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Thread: Need Suggestions for a Drill Press

  1. #1
    Boolit Master
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    Need Suggestions for a Drill Press

    I had been hoping to snare a nice used medium-sized milling machine, but after almost a year searching around here, none have materialized. So my next thought is a new (or used) drill press that, with a good machinist's vise, could do double-duty as a light milling machine. I'm not sure if the presses I see at Sears, Home Depot, etc, are sturdy enough to do the trick.

    If someone has a similar setup, I would like to hear your recommendations/lessons learned/etc.

    Thank you,
    Richard

  2. #2
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    I'm not an expert on drill presses but I own 3 and will mention some areas for you to consider or read more about to help you make a decision:

    - If you can afford a variable speed model (speed change by lever with readout, not moving belts) I would go for it, unless you're drilling the exact same thing all the time it will really pay off. It's amazing how much better everything drills when you are at the correct speed for the material & hole size, and making speed changes easy is the key to actually doing that.
    - Lots of people say you don't want to put much side pressure (milling) on a drill press as they are not designed for that and you will wear parts that cause sloppiness much quicker than if used correctly. I have never tested this theory but thought I should mention it.
    - If you're looking for a budget model I would steer clear of home depot/sears and go with Grizzly, they have good support/service and usually keep parts for machines long after they retire them from current inventory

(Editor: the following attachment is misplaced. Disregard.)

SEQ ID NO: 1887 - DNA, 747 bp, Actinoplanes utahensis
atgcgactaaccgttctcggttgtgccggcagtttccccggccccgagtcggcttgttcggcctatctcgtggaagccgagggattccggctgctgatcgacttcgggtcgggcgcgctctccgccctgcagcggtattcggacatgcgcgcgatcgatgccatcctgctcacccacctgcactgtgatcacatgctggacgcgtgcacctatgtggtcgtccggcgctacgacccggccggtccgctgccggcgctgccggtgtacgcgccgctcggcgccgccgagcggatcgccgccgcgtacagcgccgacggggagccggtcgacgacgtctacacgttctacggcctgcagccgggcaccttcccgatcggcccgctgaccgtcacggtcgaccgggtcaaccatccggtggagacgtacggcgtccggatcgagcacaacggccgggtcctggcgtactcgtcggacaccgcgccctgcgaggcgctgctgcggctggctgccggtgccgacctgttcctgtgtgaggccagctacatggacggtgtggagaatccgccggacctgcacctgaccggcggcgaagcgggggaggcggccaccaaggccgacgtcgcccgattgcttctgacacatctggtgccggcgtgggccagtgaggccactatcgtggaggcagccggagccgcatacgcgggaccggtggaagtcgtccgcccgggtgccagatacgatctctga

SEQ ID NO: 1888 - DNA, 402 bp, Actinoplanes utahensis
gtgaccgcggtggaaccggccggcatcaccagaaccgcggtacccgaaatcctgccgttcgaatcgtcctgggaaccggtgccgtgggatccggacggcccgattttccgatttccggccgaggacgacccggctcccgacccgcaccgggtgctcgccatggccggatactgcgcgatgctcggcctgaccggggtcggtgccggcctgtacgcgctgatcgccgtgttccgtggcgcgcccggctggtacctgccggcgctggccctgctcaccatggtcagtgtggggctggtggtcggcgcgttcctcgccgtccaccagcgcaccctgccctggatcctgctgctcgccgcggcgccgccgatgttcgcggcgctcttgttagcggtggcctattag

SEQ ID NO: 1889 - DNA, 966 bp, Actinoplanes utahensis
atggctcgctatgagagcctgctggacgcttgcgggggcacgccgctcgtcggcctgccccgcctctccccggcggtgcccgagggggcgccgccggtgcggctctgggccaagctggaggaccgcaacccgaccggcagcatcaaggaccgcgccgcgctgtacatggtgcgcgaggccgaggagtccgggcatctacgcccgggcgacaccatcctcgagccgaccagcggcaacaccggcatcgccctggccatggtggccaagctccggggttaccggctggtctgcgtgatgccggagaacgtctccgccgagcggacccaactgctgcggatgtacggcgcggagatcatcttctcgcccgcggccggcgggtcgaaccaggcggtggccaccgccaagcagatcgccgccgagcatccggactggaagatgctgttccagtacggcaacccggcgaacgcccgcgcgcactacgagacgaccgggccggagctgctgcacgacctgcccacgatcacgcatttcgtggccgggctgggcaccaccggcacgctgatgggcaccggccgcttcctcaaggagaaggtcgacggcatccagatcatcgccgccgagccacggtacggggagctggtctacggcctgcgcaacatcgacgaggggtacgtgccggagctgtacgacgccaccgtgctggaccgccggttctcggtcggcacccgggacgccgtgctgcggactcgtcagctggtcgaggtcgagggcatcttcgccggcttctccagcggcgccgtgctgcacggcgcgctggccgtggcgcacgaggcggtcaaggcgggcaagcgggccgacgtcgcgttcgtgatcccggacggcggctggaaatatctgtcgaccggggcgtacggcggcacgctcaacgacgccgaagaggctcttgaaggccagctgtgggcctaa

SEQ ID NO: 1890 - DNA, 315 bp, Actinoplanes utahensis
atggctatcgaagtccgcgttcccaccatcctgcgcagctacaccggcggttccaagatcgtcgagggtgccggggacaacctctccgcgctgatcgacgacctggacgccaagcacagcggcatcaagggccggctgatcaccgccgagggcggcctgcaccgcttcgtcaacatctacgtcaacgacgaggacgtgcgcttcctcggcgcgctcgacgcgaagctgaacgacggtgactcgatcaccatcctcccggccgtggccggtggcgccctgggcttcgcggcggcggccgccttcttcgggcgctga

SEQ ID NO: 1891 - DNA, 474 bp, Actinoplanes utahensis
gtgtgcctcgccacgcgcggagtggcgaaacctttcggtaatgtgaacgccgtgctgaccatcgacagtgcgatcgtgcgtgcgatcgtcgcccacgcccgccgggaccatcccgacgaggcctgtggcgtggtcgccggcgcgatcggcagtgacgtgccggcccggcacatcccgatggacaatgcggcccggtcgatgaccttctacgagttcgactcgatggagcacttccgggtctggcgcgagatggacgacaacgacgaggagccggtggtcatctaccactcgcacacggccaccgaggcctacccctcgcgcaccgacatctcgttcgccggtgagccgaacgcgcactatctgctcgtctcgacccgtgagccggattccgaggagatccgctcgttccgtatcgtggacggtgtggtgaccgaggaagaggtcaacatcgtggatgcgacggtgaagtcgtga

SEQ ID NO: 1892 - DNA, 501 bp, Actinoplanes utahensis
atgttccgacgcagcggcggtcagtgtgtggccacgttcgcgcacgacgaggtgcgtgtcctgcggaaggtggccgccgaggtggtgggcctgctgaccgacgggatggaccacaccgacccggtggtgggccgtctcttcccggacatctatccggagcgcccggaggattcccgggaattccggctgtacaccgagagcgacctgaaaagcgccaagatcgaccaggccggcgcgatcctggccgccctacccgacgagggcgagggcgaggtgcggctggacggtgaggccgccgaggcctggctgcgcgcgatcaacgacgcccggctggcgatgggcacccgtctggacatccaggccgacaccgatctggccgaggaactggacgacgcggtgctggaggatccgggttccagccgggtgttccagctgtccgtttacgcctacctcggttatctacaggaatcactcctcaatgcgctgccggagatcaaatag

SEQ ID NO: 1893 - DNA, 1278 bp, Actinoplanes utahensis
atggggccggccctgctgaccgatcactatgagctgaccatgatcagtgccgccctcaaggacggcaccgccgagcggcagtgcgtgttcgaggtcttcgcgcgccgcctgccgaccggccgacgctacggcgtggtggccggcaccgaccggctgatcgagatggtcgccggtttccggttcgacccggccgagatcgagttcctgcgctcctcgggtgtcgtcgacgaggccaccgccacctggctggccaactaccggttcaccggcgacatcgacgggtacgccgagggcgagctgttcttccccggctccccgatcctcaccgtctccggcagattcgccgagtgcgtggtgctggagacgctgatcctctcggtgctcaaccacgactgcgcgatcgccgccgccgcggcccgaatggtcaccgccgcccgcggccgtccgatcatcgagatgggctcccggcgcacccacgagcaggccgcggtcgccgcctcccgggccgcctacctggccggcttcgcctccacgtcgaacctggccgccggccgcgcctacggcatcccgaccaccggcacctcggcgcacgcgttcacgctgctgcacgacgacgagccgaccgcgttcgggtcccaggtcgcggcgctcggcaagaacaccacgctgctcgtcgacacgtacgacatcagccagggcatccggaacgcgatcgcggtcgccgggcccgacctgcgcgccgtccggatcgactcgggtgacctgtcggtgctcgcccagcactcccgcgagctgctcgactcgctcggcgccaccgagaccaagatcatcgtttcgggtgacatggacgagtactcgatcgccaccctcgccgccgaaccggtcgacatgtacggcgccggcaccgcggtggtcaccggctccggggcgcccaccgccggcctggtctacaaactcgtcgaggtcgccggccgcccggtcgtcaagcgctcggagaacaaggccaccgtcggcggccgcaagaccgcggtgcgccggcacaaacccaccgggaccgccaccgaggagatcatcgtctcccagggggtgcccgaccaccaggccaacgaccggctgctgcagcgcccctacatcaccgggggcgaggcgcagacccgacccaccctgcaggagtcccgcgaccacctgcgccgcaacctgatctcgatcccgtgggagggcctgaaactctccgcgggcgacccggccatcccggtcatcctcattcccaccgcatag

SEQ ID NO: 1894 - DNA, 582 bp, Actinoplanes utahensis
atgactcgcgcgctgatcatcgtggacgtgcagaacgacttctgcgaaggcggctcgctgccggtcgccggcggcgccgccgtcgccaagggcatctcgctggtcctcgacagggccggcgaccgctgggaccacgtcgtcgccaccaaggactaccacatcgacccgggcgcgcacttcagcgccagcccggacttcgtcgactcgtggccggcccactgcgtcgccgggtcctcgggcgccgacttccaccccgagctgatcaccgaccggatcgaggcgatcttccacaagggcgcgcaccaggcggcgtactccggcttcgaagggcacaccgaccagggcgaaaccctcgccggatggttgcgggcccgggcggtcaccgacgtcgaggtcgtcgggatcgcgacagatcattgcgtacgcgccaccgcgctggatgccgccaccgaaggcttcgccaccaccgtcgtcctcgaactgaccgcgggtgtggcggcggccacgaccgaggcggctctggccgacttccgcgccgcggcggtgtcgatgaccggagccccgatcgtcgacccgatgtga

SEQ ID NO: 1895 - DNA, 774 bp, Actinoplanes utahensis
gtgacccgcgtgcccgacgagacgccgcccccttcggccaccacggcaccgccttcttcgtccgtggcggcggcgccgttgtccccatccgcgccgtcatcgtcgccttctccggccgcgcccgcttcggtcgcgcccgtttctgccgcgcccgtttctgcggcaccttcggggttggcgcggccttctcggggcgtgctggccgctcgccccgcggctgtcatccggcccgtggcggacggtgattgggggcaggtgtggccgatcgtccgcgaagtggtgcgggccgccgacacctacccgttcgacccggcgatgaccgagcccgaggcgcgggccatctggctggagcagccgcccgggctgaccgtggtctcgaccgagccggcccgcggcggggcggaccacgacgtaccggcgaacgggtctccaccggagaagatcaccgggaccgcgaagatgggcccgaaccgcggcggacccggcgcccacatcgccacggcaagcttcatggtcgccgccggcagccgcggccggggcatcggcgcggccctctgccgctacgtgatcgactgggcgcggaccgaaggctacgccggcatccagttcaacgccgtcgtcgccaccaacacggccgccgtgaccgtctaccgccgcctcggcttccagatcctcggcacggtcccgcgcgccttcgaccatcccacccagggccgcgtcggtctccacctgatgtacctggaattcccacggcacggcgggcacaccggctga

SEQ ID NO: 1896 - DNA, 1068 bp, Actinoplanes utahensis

- not sure if you use craigslist but there are a couple milling machines listed on there in WY right now and a few drill presses as well

  3. #3
    Boolit Man
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    Using a drill press for "light milling" is not a good idea. It's tried a lot, but is not a good practice. The Jacobs chuck that is used to hold drill bits in drill presses is not designed to take a side load. Additionally, the spindle in drill presses aren't made for a side load either.

    My suggestion is to be on the lookout for a cheap mill-drill that uses R8 collets.

  4. #4
    Boolit Master Char-Gar's Avatar
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    I have a 17" Jet floor model drill press and like it very much. It is allot of press for the money. Using one for milling is not a good idea as the bearings won't hold up to the side pressure needed for milling.
    Disclaimer: The above is not holy writ. It is just my opinion based on my experience and knowledge. Your mileage may vary.

  5. #5
    Boolit Master

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    A good drill press can do a lot and be very usefull. Abusing it and pushing it past what its meant to do is a different story. I have a X-Y table here for my one drill press. Its used to locate holes and patterns similar ton the way you do it in an end mill. Jost drill presses table locks arnt solid enough to take millings side pressure. The spindle bearings arnt meant for the side pressures of milling or the vibrations. Drill presses use a simple morse taper for chucks and bits. An end millm uses a collet tightened and locked with a drawbar thru the spindle. The vibration and side forces will cause a morse taper to release. You will be better served by using a end mill as a drill press than the other way around. Even the X-Y table dosnt have the gibs or end play for milling accurately.

  6. #6
    Boolit Master

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    Not really a workable idea, milling with a cross-slide vise on a drill press. If you want a decent drill press, look on Craigslist for a nice used one, estate sales/barn sales often turn up a whole shop full of tools.
    Got a .22 .32 .357 .38 .40 .41 .44 .45 .480 or .500 S&W cylinder that needs throat reaming? 9mm, 10mm/40S&W, 45 ACP pistol barrel that won't "plunk" your handloads? Shoot me a PM! Also on Facebook: https://www.facebook.com/Cylinderhone-756429174391912/

  7. #7
    Boolit Master